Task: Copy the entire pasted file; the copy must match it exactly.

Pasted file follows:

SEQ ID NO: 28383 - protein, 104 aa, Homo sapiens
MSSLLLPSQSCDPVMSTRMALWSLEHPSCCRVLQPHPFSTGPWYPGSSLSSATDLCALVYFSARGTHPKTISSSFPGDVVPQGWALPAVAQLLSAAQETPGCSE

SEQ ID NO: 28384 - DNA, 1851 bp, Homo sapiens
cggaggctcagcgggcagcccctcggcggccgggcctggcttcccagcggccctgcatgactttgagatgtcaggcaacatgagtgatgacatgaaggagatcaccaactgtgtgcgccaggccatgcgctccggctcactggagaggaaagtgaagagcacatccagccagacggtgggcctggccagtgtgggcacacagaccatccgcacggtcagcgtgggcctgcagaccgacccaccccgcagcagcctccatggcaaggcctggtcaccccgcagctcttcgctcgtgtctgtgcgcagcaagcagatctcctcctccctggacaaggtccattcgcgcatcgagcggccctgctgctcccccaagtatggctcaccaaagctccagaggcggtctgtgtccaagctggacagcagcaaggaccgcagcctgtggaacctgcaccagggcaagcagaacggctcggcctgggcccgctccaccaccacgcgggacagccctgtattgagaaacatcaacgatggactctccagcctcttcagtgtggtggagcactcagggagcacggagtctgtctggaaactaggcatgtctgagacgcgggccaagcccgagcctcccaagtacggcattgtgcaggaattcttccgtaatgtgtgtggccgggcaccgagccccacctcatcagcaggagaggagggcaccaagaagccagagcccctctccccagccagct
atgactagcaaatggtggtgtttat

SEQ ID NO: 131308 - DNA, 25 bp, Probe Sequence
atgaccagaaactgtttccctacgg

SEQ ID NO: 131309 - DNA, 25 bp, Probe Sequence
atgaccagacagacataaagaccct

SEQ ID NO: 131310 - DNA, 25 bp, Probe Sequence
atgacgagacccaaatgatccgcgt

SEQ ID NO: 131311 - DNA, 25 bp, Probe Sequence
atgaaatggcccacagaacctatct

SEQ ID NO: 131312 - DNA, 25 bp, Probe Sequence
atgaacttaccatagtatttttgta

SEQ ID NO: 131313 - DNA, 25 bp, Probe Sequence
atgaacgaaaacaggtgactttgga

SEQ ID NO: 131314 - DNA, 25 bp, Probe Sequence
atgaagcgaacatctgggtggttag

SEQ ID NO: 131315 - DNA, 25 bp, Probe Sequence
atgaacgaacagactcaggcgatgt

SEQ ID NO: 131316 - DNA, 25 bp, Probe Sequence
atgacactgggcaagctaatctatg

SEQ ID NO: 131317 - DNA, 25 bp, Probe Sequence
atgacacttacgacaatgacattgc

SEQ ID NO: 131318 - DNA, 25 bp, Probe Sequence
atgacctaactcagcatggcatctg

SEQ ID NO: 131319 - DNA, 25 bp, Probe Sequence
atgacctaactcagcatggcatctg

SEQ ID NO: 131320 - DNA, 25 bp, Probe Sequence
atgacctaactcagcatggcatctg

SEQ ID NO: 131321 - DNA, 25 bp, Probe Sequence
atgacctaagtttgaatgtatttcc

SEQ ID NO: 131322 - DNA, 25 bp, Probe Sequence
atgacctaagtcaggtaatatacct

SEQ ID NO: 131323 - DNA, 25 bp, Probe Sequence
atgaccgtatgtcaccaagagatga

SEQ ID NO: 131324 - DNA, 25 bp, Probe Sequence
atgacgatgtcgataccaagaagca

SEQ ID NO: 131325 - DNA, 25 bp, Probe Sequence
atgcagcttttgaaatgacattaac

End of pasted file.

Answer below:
SEQ ID NO: 28383 - protein, 104 aa, Homo sapiens
MSSLLLPSQSCDPVMSTRMALWSLEHPSCCRVLQPHPFSTGPWYPGSSLSSATDLCALVYFSARGTHPKTISSSFPGDVVPQGWALPAVAQLLSAAQETPGCSE

SEQ ID NO: 28384 - DNA, 1851 bp, Homo sapiens
cggaggctcagcgggcagcccctcggcggccgggcctggcttcccagcggccctgcatgactttgagatgtcaggcaacatgagtgatgacatgaaggagatcaccaactgtgtgcgccaggccatgcgctccggctcactggagaggaaagtgaagagcacatccagccagacggtgggcctggccagtgtgggcacacagaccatccgcacggtcagcgtgggcctgcagaccgacccaccccgcagcagcctccatggcaaggcctggtcaccccgcagctcttcgctcgtgtctgtgcgcagcaagcagatctcctcctccctggacaaggtccattcgcgcatcgagcggccctgctgctcccccaagtatggctcaccaaagctccagaggcggtctgtgtccaagctggacagcagcaaggaccgcagcctgtggaacctgcaccagggcaagcagaacggctcggcctgggcccgctccaccaccacgcgggacagccctgtattgagaaacatcaacgatggactctccagcctcttcagtgtggtggagcactcagggagcacggagtctgtctggaaactaggcatgtctgagacgcgggccaagcccgagcctcccaagtacggcattgtgcaggaattcttccgtaatgtgtgtggccgggcaccgagccccacctcatcagcaggagaggagggcaccaagaagccagagcccctctccccagccagct
atgactagcaaatggtggtgtttat

SEQ ID NO: 131308 - DNA, 25 bp, Probe Sequence
atgaccagaaactgtttccctacgg

SEQ ID NO: 131309 - DNA, 25 bp, Probe Sequence
atgaccagacagacataaagaccct

SEQ ID NO: 131310 - DNA, 25 bp, Probe Sequence
atgacgagacccaaatgatccgcgt

SEQ ID NO: 131311 - DNA, 25 bp, Probe Sequence
atgaaatggcccacagaacctatct

SEQ ID NO: 131312 - DNA, 25 bp, Probe Sequence
atgaacttaccatagtatttttgta

SEQ ID NO: 131313 - DNA, 25 bp, Probe Sequence
atgaacgaaaacaggtgactttgga

SEQ ID NO: 131314 - DNA, 25 bp, Probe Sequence
atgaagcgaacatctgggtggttag

SEQ ID NO: 131315 - DNA, 25 bp, Probe Sequence
atgaacgaacagactcaggcgatgt

SEQ ID NO: 131316 - DNA, 25 bp, Probe Sequence
atgacactgggcaagctaatctatg

SEQ ID NO: 131317 - DNA, 25 bp, Probe Sequence
atgacacttacgacaatgacattgc

SEQ ID NO: 131318 - DNA, 25 bp, Probe Sequence
atgacctaactcagcatggcatctg

SEQ ID NO: 131319 - DNA, 25 bp, Probe Sequence
atgacctaactcagcatggcatctg

SEQ ID NO: 131320 - DNA, 25 bp, Probe Sequence
atgacctaactcagcatggcatctg

SEQ ID NO: 131321 - DNA, 25 bp, Probe Sequence
atgacctaagtttgaatgtatttcc

SEQ ID NO: 131322 - DNA, 25 bp, Probe Sequence
atgacctaagtcaggtaatatacct

SEQ ID NO: 131323 - DNA, 25 bp, Probe Sequence
atgaccgtatgtcaccaagagatga

SEQ ID NO: 131324 - DNA, 25 bp, Probe Sequence
atgacgatgtcgataccaagaagca

SEQ ID NO: 131325 - DNA, 25 bp, Probe Sequence
atgcagcttttgaaatgacattaac